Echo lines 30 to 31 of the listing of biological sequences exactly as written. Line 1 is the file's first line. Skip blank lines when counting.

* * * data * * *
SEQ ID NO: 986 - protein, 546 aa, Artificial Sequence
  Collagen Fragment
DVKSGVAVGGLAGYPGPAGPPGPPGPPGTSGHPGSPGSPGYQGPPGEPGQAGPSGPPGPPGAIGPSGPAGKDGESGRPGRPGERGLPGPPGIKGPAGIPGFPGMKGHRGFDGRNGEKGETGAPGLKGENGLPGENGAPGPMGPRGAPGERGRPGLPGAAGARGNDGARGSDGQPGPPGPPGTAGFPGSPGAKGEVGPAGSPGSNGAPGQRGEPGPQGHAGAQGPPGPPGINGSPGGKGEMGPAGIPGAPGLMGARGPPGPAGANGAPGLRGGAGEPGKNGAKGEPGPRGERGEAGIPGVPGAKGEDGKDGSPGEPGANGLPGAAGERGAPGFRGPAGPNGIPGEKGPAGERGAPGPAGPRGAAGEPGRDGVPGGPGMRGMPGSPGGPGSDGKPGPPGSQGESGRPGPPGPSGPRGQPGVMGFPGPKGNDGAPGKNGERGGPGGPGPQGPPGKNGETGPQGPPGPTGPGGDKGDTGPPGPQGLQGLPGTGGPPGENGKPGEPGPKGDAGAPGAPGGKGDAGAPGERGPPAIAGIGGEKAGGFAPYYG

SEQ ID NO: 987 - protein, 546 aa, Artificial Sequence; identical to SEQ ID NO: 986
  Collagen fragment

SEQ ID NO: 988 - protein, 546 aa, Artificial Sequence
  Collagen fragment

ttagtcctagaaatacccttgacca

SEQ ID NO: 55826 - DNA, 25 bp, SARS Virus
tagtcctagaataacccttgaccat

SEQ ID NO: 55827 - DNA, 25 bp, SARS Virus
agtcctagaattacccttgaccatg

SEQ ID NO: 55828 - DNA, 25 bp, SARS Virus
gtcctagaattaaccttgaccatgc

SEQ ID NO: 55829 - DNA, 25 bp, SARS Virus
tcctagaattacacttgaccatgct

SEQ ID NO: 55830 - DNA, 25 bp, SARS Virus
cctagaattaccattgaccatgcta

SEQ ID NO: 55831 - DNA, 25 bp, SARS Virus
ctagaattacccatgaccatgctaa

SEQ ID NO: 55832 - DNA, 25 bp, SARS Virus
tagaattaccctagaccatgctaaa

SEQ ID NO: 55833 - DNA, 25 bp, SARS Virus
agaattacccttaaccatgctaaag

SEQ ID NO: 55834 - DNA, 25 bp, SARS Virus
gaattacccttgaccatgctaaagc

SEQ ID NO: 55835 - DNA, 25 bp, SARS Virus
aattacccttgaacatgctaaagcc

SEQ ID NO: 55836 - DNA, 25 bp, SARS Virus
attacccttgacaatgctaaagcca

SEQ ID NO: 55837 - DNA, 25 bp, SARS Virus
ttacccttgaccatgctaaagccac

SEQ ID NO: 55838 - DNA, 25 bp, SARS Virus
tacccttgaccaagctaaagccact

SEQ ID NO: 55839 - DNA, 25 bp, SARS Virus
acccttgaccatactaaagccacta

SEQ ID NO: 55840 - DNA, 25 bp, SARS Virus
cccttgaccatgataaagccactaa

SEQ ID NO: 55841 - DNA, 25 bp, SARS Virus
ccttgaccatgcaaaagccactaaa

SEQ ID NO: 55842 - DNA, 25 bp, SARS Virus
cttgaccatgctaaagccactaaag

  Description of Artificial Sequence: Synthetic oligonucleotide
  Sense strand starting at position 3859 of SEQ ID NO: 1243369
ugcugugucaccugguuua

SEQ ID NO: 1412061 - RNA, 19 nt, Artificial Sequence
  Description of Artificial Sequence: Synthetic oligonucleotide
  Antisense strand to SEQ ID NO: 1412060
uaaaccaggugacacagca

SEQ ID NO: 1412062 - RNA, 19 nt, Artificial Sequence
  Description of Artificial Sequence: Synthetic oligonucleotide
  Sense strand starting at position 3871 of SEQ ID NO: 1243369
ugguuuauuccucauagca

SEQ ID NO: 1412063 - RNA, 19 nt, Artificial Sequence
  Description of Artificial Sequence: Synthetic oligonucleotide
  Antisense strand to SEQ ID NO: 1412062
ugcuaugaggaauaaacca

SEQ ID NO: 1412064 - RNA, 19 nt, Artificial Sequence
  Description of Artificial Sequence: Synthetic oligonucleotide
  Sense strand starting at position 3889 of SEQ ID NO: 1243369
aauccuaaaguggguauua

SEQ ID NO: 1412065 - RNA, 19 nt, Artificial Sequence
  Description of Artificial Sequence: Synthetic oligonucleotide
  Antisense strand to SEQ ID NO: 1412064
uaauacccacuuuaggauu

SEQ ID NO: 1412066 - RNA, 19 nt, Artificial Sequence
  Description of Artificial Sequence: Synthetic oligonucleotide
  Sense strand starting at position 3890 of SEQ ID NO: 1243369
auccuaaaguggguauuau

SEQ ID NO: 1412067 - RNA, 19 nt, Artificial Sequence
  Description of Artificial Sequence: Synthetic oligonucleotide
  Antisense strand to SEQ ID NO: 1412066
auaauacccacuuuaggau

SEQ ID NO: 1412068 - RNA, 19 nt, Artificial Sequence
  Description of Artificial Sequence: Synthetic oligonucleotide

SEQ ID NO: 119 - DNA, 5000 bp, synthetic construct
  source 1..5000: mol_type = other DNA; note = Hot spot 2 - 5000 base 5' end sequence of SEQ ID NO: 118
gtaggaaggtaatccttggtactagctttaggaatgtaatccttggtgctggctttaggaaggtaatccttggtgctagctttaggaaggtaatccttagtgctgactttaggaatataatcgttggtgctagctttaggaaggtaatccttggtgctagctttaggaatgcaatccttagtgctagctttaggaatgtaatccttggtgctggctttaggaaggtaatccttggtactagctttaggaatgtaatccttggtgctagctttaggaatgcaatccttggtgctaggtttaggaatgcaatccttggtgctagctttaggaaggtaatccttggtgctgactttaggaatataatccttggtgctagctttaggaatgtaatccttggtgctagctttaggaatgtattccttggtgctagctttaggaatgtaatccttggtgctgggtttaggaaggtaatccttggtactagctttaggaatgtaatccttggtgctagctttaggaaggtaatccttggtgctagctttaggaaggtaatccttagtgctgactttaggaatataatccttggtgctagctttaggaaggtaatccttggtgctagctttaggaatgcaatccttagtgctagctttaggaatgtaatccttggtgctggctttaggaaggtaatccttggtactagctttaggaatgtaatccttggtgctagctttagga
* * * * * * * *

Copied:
attacccttgacaatgctaaagcca

SEQ ID NO: 55837 - DNA, 25 bp, SARS Virus